Animal Chronicles: Grieving your beloved pet

Jack and Henry (photo provided)

Jack and Henry (photo provided)


Working in animal welfare, rarely a week goes by that I don’t hear about the loss of a pet from a staff member, volunteer, friend or family member. And needless to say, there are those sad times in my own life when I’ve lost a pet.

Grief over a pet is never the same for everyone, and in my experience it’s even different for each pet. It is the mechanism for finding peace when you’ve lost someone you love — both human and animal.

In 2011, we had two Labrador retrievers, Jack and Henry. Jack was 14 and had been medicated for half his life for arthritis. For many months he’d had us on the roller coaster of bad days and rallying to good days, but his bad days were far outnumbering his good, so after several canceled appointments we had him euthanized and held him while the medication put him to rest. We (eventually) smiled, knowing we’d given him a good life, and felt relief that he wouldn’t suffer any more. We have never second-guessed that decision.

Our other Lab was Henry, who was about nine years younger. Henry was a crazy dog who, the minute he got out of the house, would be running, jumping, swimming, fetching and exuberantly participating in any activity he could find. I remember throwing a tennis ball off the end of a dock in the San Francisco Bay, and he would run and leap more than 20 feet into the water. He was so full of life!

About a year after we euthanized Jack we took a vacation. We left 6-year-old Henry in the care of a house/dog sitter who came highly recommended. The sitter called and said that Henry was acting lethargic one morning, and I asked him to take him to the emergency vet. Henry was gone by the time he arrived.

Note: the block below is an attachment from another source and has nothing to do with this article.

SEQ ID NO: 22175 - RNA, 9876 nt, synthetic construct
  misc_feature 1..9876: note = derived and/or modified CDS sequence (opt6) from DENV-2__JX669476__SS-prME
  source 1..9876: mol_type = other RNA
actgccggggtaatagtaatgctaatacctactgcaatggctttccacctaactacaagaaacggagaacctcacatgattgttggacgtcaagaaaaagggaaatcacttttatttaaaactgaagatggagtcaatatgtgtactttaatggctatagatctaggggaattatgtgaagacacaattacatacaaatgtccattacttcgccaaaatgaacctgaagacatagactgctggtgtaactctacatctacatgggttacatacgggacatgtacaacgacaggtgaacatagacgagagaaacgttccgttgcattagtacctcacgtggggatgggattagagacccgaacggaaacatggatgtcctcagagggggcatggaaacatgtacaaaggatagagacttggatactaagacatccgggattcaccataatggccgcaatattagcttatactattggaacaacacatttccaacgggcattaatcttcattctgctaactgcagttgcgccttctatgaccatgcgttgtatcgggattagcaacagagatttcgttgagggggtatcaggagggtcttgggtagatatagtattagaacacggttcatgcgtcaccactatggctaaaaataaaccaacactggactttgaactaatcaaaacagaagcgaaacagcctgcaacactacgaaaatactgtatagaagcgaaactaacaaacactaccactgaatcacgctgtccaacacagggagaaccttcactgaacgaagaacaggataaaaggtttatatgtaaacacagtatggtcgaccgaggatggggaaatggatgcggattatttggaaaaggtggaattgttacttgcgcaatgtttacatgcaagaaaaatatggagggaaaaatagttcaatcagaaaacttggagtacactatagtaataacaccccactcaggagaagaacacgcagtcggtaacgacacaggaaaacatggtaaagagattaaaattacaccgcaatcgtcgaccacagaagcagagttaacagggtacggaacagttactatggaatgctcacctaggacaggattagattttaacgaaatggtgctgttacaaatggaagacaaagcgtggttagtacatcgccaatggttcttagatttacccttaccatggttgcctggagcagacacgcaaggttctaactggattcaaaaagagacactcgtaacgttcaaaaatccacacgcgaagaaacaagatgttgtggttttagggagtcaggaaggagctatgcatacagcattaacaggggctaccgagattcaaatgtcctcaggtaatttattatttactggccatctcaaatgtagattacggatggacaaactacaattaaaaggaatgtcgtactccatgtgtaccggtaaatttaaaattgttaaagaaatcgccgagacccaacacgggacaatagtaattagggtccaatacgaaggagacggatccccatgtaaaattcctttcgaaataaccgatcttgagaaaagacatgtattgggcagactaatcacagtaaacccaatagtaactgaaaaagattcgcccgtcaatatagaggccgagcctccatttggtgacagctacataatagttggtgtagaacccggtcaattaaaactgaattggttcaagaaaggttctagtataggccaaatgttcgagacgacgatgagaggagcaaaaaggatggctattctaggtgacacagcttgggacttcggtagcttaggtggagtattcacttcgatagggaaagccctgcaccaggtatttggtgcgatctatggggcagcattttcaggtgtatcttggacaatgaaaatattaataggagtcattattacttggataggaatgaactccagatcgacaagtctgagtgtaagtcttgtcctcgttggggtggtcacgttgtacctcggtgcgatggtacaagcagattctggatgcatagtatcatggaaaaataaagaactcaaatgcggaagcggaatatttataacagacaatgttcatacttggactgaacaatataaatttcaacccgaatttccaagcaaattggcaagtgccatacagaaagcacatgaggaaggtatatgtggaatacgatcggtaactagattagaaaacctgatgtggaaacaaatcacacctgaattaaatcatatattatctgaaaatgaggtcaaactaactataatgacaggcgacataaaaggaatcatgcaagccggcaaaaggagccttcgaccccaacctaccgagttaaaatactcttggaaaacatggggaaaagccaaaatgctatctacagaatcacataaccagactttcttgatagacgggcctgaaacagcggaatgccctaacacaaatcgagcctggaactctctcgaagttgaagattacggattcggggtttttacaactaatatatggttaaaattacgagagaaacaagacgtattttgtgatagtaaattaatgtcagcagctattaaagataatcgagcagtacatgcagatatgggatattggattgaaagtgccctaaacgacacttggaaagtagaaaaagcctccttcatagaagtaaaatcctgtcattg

For months afterward I couldn’t stop blaming myself. I would have/should have seen something. If I’d been there this wouldn’t have happened. It didn’t make sense to me because we’d had Jack for 14 years — how could I feel so much worse about losing Henry, who we’d only had for six?

For both humans and animals in our lives, it is surprising how differently the losses can affect us.

I like to think of grief as the process that breaks us, then heals us. Grief is simply love with nowhere to go, and each person will experience it in their own way and in their own time. There is no “right” way to grieve.

While some people may view your grief as trivial (“it was just a cat”), I encourage you to share your loss with like-minded people who have experienced a similar loss.

If despite your best efforts you find yourself struggling over the loss of a pet, the Animal Protective Foundation hosts a free Pet Bereavement Support Group every third Wednesday of the month at 6 p.m. The group is led by Estelle Giles-Monroe, MSW, LCSWR.

This support group is made possible by the generosity of Dr. Roger Blankfein, owner of In the Comfort of Home, an in-home pet euthanasia service in the Capital Region.

For information, email [email protected] or phone 518-374-3944.

Joe Lisella, CAWA, is executive director of the Animal Protective Foundation. APF contributes Animal Chronicles articles and welcomes animal-related questions and stories about the people and animals in our community. Visit, follow us on social media @AnimalProtectiveFoundation or email [email protected]

Categories: Life and Arts, Scotia Glenville

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